Ishwar Chandra Vidyasagar, along with many other active reformers, opened schools for girls. This was because, for him, educational reform was much more important than any other reform. He believed that the status of women and all kinds of injustice and inequalities that they face could be changed only through education. Ishwar Chandra Vidyasagar worked endlessly to provide equal education to all men and women irrespective of their caste, religion and gender. He allowed people from lower castes in his Sanskrit college that was meant only for upper caste men. Vidyasagar worked to uplift the status of women in India, especially in his native Bengal. He was a social reformer and wanted to change the orthodox Hindu society from within. Ishwar Chandra Vidyasagar introduced the practice of widow remarriage and worked against polygamy. During his lifetime, Vidyasagar had written many books and thus enriched the Bengali education system to a great extent. Till date, the books written by him are read by all.
The Bengali Renaissance, a subject of heated debate among scholars and intellectuals, has been described sometimes as an intellectual reawakening, a flurry of cultural and artistic activities, a cognitive enlightenment, or as a middle-class revolution. There is no ubiquitous definition of what constitutes a renaissance, and therefore debates abound on whether what happened in Bengal in the late nineteenth century could actually be called one. But what is certain is that during the time, a number of creative figures, starting from Raja Ram Mohan Roy and till Rabindranath Tagore, did bring about a paradigm shift in the cultural and intellectual pursuits of Bengal and ultimately India. Of these illustrious figures, Ishwar Chandra holds a unique place - as a polymath, a philanthropist and a social reformer.
The contributions of Ishwar Chandra cannot be separated from his time. Subrata Dasgupta, in his book The Bengal Renaissance, writes that the "creative mentality of the Bengal Renaissance was dominated by two cognitive constructs: a cross-cultural mentality, and universalism." The author explains that at the time, in the context of the studies by the British orientalists on India's past, and exposure to western education, this mentality developed. We see during the 'renaissance' Ram Mohan Roy's contribution in the creation of the Brahmo Samaj, his efforts to eradicate the practice of sati in India. Michael Madhusudan Dutta would come to revolutionise Bangla literature with his sonnets and blank verse, while Jagadish Chandra Bose and Mahendra Lal Sircar would stand to disprove irrefutably the British view that Indians were incapable of scientific pursuits. Bankim Chandra and Rabindranath would pave the way for literature with their distinct contributions.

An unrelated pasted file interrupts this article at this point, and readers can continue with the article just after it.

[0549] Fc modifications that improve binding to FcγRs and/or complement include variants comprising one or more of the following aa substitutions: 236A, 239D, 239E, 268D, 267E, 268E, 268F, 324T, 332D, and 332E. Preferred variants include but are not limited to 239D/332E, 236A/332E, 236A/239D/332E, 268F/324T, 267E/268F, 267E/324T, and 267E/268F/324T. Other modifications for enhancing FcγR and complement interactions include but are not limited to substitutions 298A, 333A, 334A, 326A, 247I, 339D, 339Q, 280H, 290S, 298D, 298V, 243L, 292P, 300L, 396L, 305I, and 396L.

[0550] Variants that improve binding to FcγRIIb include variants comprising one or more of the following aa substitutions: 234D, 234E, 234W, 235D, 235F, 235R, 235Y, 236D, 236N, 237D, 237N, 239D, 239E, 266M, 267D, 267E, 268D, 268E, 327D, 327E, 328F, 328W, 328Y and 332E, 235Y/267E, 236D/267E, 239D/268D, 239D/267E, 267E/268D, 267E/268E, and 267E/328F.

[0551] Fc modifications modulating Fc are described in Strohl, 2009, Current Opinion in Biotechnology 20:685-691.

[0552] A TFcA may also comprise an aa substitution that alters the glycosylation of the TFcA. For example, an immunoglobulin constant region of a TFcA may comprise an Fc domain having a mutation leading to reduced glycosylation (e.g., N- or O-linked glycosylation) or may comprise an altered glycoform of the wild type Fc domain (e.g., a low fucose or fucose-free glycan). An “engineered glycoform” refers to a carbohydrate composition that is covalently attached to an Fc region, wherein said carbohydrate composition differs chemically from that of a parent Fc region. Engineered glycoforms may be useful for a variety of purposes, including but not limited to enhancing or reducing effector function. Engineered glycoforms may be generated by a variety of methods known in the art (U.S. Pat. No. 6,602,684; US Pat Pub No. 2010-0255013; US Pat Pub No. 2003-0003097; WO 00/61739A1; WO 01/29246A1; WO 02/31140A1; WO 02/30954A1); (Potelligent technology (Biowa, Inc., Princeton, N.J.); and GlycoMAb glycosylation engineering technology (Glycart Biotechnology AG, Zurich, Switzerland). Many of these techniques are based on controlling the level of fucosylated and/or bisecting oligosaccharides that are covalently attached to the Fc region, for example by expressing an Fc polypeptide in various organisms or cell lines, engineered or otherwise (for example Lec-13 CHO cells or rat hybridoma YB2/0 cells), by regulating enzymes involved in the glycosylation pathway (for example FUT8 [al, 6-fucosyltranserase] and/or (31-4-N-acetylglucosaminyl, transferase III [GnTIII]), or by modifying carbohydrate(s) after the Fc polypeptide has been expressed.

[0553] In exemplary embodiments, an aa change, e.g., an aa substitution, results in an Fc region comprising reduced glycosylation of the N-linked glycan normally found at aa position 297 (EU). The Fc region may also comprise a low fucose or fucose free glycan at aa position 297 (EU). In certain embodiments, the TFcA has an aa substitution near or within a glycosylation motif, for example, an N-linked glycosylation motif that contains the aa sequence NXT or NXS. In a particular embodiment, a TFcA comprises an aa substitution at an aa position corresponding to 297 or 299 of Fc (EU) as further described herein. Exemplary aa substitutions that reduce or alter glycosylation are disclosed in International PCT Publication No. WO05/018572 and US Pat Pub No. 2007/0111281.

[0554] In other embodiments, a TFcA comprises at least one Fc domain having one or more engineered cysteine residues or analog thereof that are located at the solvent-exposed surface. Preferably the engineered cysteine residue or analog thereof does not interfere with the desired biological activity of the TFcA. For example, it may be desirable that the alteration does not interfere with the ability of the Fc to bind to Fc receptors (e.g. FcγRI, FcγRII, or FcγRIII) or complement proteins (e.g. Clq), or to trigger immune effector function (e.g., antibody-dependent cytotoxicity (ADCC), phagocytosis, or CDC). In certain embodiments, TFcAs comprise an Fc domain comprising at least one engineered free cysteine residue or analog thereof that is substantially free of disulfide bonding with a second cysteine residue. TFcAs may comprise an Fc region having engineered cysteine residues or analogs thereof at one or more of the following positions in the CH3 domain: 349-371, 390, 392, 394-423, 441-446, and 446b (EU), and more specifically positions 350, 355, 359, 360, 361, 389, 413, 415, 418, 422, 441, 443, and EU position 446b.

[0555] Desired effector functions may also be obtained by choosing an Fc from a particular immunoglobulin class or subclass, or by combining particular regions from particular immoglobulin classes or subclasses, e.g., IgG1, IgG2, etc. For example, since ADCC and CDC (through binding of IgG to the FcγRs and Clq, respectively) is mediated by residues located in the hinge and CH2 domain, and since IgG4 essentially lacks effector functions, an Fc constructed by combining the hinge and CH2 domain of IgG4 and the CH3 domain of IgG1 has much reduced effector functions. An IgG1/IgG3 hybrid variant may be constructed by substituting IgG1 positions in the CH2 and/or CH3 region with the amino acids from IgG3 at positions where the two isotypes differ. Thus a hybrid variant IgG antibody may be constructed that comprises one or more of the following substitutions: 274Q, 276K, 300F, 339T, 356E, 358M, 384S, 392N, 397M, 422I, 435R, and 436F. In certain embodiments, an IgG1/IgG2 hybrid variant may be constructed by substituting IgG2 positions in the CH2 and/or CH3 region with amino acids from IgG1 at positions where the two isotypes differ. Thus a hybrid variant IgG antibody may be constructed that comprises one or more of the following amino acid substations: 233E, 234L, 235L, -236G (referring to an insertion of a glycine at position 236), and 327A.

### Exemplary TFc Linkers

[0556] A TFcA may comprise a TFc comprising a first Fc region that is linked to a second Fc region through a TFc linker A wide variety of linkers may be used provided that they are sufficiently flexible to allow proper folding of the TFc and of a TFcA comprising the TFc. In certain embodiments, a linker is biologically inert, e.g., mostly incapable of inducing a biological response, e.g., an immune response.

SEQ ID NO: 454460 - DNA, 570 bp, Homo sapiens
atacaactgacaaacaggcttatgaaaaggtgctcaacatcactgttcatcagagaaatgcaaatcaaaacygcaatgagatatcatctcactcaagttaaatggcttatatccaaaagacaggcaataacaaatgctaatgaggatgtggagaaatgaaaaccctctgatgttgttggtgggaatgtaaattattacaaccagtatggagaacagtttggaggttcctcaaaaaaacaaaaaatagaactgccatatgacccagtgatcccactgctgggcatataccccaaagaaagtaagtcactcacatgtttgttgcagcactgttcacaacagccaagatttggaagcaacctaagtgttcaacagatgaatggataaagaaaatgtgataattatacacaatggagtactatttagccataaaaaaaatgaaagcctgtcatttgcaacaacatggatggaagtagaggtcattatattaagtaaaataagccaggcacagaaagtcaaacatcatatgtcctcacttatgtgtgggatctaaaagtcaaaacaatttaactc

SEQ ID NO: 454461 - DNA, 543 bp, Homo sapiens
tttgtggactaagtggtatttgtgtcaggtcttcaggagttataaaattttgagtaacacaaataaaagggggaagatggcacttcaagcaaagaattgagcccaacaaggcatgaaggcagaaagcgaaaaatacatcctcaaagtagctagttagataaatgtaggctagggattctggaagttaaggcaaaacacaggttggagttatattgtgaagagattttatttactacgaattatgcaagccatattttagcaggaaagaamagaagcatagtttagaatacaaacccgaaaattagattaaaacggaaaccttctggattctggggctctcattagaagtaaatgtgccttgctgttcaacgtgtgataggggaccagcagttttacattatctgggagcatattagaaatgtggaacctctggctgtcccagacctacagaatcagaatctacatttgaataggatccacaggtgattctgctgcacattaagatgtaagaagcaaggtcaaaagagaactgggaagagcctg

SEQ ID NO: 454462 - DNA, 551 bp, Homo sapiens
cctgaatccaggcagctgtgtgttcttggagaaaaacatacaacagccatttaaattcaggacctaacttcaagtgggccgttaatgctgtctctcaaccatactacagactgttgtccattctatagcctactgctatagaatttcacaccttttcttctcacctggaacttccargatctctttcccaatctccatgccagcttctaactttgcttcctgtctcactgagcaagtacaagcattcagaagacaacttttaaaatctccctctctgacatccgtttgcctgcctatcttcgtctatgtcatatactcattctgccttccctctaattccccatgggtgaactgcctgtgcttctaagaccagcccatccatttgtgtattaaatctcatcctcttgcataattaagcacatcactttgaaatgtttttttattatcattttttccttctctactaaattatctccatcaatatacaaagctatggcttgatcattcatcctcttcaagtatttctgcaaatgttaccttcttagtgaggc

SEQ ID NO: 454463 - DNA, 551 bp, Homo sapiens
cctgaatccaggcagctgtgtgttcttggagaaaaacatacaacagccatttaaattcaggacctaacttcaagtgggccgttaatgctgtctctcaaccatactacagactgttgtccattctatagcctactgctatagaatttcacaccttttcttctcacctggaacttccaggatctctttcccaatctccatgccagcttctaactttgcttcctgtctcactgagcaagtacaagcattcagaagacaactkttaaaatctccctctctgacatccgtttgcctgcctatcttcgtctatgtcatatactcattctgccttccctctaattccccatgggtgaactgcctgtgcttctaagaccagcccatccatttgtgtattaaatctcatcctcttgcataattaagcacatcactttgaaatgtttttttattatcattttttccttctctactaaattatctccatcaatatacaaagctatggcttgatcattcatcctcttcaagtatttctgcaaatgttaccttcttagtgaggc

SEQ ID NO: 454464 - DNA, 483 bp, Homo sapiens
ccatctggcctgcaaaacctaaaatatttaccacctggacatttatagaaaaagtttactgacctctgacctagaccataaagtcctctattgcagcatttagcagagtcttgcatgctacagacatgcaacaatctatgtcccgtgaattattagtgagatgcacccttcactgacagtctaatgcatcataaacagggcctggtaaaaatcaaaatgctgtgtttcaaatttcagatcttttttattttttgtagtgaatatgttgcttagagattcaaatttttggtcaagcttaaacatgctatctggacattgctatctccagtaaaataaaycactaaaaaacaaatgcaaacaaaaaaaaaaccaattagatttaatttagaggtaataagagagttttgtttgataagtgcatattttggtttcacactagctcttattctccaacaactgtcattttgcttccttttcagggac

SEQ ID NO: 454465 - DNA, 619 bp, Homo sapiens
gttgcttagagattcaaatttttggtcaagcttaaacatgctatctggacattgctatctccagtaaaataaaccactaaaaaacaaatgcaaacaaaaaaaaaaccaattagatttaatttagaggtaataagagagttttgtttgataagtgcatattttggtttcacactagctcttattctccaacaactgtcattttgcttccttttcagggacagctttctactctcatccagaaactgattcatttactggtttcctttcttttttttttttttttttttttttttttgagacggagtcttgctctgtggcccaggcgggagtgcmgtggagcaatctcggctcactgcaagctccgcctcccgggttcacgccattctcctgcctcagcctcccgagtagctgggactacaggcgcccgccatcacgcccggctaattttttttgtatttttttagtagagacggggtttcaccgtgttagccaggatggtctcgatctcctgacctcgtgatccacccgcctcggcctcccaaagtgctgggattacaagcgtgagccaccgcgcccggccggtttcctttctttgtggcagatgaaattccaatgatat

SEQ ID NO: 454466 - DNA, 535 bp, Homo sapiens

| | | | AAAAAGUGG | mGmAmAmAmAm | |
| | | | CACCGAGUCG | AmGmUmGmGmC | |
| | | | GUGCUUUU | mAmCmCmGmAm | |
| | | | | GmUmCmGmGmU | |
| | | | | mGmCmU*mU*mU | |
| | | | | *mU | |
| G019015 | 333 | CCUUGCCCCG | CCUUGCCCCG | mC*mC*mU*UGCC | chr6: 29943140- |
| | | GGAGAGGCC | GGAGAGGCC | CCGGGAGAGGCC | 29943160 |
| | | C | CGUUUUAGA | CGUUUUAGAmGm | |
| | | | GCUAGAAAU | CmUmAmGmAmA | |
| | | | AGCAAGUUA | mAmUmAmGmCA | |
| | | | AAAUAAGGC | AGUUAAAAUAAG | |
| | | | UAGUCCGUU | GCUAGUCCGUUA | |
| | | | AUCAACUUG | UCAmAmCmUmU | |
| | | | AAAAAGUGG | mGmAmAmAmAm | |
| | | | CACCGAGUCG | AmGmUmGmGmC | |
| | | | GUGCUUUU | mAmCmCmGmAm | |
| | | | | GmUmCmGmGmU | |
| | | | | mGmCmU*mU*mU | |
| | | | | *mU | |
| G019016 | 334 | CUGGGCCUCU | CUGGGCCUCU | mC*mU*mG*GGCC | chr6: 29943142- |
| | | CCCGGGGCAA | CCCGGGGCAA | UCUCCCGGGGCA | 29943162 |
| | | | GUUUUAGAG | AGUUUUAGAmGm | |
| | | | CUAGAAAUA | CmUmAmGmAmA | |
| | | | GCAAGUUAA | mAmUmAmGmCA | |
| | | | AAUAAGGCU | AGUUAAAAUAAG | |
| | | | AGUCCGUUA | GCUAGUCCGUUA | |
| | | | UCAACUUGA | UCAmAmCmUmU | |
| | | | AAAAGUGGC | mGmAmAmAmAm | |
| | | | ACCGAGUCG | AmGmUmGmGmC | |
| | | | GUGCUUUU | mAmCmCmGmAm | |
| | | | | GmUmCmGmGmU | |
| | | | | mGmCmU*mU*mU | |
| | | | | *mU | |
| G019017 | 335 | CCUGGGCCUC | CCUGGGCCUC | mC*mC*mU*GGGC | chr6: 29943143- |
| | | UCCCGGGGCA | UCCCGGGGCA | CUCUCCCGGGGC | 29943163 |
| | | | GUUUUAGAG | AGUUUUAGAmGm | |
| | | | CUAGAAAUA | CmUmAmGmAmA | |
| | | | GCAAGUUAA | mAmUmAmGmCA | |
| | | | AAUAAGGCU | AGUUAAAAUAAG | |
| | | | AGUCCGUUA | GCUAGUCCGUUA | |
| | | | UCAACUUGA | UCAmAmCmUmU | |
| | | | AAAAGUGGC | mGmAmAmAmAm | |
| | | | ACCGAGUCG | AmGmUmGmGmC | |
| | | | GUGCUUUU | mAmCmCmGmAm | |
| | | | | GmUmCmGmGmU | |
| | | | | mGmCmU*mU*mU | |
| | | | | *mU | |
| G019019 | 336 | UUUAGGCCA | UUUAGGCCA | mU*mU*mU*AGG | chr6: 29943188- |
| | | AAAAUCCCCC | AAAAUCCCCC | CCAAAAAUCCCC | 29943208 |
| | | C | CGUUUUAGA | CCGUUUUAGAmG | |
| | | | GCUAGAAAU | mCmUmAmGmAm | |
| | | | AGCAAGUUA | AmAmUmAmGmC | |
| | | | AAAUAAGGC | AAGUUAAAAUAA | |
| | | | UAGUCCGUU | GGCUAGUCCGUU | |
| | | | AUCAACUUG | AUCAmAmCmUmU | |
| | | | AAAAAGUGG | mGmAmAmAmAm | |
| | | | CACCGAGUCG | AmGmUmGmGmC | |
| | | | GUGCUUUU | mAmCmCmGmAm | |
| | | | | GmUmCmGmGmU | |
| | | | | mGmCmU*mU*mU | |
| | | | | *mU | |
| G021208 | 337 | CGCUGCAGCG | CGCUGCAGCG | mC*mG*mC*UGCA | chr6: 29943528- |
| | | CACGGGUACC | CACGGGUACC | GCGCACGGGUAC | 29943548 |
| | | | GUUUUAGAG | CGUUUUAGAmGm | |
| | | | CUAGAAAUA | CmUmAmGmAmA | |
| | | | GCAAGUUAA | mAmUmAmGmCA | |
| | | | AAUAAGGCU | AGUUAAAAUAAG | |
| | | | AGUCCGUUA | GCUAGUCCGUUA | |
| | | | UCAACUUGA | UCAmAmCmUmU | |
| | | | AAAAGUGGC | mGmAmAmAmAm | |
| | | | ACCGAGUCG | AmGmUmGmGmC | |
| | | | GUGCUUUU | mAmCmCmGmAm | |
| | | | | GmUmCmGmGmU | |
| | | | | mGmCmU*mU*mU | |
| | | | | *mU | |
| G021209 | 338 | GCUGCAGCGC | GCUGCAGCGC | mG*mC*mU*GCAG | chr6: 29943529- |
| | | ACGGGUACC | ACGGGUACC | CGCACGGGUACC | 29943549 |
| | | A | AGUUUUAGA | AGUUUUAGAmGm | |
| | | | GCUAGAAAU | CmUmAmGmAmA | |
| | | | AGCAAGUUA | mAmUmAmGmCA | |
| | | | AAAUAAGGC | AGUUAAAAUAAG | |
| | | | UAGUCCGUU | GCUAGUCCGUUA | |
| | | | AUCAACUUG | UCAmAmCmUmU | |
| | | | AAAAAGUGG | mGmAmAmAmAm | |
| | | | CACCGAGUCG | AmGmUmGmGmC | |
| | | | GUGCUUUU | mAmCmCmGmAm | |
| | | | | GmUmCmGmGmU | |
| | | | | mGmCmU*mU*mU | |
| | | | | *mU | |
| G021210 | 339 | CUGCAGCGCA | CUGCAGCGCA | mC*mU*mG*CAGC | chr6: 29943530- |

Vidyasagar has become an indelible part of Bengali history, so much so, that he has become now an almost legendary figure. Much of what is heard of him today in popular culture has taken on epic proportions. We know him as a scholar of indubitable genius, and as a proponent for women's rights. But, his contributions are sometimes shadowed by anecdotes, true or not: that, coming from a poor family, he studied under street lights at night, or how he taught himself to count from looking at mile posts on the road. Ishwar Chandra Vidyasagar was an extremely humble personality and many a time it was this part of his nature that had inspired others.
(Dr. Forqan is former Deputy Director General, Bangladesh Ansar & VDP, and Editor, Publisher
"The Monthly Bisswayan".